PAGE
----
3) The Budget speech proclaims that it is essential to have a modern monetary policy framework to meet the challenges of the economy.
4) The Budget speech propagated the idea that the central bank should emulate the ideology of the western world.
5) The Budget speech gave Rajan enough respect.

3. Which of the following is/are true according to the given passage?
        (A) The new government is not in favour of the freedom of the central bank.
        (B) One of the objectives of the new government is to contain inflation.
        (C) One of the objective of the new government is to maintain a distant relation with the RBI.
        1) Only (A)                            2) Only (B)
        3) Only (C)                            4) Only (A) and (B)
        5) Only (B) and (C)

4. Which of the following statements is not true regarding to the panel headed by Urjit Patel?
(A) The panel suggested a monetary policy framework which will target inflation.
(B) The panel suggested all the discussions regarding the rate should be taken by the monetary policy committee headed by the governor.
(C) The panel suggested that the relationship between the govt and RBI is not good as of now.
        1) Only (A) and (B)             2) Only (B) and (C)
        3) Only (A) and (C)             4) Only (C)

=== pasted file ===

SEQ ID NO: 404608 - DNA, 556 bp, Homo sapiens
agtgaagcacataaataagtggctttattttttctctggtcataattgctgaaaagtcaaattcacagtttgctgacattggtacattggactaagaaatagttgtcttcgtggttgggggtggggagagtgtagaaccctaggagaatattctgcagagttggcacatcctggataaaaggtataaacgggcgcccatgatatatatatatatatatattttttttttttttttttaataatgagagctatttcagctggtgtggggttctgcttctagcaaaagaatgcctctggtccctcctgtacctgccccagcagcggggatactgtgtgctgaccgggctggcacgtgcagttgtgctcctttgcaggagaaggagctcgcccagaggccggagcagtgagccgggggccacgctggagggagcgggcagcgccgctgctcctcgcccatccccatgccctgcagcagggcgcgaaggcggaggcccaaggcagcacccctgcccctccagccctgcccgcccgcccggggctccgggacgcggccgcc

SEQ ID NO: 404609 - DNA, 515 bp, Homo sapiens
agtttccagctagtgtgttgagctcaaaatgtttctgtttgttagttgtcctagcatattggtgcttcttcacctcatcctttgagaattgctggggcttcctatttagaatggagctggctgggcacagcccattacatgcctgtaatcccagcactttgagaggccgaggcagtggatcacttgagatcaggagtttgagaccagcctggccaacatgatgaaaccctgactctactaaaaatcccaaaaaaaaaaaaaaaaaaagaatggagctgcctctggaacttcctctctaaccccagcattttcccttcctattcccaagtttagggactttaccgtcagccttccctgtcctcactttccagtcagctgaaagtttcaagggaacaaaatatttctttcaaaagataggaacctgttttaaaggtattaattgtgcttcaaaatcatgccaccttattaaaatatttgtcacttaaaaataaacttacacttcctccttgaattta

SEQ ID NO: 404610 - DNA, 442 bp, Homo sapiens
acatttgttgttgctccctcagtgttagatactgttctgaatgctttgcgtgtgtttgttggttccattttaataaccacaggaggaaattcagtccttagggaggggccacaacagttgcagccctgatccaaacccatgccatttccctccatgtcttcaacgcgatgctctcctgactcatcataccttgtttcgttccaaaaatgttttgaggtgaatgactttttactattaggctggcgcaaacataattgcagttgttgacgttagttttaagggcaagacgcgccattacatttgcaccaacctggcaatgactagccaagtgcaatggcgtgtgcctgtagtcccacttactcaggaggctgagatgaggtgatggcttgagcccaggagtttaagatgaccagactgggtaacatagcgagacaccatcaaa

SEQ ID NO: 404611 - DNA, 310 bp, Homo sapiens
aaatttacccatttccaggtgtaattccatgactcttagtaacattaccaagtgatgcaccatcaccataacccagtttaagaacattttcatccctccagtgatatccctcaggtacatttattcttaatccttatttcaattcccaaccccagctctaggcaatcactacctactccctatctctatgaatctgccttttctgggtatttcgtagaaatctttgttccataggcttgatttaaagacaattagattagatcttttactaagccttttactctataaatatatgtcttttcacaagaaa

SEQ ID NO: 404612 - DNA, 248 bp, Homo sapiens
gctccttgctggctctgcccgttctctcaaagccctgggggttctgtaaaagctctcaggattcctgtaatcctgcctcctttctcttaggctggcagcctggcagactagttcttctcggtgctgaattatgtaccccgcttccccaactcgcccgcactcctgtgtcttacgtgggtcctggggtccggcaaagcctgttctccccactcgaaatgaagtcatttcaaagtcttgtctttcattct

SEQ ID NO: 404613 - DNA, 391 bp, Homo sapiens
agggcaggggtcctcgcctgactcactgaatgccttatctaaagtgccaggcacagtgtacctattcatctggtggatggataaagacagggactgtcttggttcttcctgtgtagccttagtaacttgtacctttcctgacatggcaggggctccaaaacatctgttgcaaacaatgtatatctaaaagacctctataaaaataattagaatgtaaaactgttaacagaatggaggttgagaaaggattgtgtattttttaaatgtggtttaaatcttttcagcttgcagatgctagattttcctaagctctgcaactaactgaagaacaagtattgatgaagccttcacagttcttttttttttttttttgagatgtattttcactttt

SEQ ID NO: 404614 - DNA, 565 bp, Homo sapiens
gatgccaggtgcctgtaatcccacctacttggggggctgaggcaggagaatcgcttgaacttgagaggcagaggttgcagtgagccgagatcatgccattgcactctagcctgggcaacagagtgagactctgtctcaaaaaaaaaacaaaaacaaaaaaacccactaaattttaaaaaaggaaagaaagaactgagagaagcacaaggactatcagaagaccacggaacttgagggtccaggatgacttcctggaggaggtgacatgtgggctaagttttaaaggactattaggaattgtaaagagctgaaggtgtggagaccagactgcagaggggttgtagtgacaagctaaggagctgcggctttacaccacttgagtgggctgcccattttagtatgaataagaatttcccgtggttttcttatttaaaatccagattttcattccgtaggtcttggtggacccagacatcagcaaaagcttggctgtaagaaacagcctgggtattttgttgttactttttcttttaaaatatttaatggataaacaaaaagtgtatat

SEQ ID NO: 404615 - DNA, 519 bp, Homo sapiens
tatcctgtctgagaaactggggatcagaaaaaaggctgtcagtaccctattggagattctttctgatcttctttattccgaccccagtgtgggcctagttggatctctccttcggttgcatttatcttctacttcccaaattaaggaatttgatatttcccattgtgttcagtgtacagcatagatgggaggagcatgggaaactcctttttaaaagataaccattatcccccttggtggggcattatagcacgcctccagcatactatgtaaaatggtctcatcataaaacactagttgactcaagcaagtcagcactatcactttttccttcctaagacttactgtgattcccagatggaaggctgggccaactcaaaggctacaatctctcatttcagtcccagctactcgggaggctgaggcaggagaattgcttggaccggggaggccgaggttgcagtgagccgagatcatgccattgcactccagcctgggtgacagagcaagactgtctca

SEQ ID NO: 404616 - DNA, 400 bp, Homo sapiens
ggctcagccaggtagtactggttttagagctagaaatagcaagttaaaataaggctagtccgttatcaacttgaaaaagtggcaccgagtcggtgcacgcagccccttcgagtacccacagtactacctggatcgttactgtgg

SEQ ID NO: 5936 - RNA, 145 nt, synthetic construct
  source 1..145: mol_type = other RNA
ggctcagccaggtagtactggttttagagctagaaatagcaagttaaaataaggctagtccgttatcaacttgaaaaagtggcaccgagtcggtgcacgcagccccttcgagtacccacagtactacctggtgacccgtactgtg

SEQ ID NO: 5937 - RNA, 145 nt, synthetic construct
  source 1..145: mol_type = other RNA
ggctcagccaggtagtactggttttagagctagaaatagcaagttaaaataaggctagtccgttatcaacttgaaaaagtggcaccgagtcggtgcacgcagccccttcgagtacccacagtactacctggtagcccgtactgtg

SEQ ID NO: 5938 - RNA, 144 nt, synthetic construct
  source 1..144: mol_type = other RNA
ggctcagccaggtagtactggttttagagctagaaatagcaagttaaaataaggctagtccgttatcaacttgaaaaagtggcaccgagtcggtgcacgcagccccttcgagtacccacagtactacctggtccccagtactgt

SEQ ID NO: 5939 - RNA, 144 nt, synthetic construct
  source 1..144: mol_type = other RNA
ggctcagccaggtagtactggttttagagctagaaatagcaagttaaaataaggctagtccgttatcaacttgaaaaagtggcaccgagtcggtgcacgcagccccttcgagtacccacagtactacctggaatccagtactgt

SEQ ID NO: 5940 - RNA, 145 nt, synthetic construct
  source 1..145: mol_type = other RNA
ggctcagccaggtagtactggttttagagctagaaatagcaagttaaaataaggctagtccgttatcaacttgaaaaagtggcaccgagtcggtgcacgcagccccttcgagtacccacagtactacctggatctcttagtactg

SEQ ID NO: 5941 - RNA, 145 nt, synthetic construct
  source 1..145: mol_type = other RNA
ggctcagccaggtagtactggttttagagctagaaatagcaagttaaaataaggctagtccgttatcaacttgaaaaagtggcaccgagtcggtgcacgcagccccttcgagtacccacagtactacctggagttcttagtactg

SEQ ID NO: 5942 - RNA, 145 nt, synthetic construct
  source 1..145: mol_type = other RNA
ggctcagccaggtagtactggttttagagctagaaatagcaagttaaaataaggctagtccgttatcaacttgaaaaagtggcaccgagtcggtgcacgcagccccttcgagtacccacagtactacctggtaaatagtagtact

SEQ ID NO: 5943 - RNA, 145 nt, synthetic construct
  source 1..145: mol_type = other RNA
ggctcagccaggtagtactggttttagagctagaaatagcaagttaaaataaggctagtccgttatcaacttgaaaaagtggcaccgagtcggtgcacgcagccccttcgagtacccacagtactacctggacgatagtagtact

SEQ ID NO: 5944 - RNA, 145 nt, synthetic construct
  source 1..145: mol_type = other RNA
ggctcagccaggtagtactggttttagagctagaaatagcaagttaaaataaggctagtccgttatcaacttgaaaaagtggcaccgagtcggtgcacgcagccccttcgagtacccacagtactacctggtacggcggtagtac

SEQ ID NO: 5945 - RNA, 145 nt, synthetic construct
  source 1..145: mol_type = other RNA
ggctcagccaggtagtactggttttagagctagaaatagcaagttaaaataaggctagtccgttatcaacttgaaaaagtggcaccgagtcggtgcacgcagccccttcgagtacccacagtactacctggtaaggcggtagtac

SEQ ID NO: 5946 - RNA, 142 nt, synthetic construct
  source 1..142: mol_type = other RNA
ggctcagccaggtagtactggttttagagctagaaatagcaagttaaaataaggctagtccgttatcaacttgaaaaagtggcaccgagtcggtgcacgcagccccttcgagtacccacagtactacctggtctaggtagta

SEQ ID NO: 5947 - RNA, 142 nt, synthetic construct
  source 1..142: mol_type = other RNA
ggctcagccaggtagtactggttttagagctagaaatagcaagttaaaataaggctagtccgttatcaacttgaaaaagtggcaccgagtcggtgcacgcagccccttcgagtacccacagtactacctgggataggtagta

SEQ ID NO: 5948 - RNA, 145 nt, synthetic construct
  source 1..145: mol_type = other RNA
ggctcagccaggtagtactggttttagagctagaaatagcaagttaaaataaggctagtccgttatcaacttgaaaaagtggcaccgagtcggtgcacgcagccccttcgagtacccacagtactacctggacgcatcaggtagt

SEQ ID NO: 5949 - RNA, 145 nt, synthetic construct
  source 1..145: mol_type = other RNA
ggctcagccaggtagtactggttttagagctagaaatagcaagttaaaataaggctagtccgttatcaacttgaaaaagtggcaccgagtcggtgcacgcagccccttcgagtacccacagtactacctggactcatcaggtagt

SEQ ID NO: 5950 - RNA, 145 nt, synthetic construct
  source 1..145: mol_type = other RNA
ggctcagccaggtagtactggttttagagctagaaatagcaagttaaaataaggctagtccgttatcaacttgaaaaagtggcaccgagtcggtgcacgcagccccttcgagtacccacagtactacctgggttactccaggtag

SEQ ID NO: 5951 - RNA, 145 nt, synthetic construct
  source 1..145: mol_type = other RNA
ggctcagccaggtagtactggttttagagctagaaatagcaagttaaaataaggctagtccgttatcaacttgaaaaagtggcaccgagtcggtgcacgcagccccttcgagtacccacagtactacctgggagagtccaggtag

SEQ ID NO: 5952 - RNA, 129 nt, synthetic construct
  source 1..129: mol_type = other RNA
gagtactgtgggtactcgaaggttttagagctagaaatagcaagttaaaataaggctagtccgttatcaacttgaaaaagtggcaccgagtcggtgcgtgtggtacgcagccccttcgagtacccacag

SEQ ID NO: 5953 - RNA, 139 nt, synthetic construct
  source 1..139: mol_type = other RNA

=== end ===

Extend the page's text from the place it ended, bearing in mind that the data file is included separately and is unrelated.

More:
5) None of these

5. What is the meaning of the phrase ‘cakewalk’ as used in the given passage?
        1) Easy activity                    2) Incomprehensible
        3) A difficult task                4) Liked by all
        5) None of the above

Directions (Q. 6-8): Choose the word/group of words which is MOST SIMILAR in meaning to the word/group of words printed in bold as used in the passage.

6. Resonates
        1) flashes               2) trembles            3) reflects
        4) harmonises       5) quiver

7. Vigilant
        1) negligent           2) impulsive          3) watchful
        4) confident          5) successful

8. Speculation
        1) conjecture        2) deliberation      3) knowledge
        4) confirmation    5) assurance

Directions (Q. 9-10): Choose the word/group of words which is MOST OPPOSITE in meaning of the word/group of words printed in bold as used in the passage.

9. Vibrant
        1) vivid                  2) animated          3) lively
        4) sluggish             5) energetic

10. Prudence
        1) diligence            2) vigilance           3) providence
       4) frugality          5) recklessness


Answers:

  1. 4
  2. 1
  3. 2
  4. 4
  5. 1
  6. 4
  7. 3
  8. 1
  9. 4
  10. 5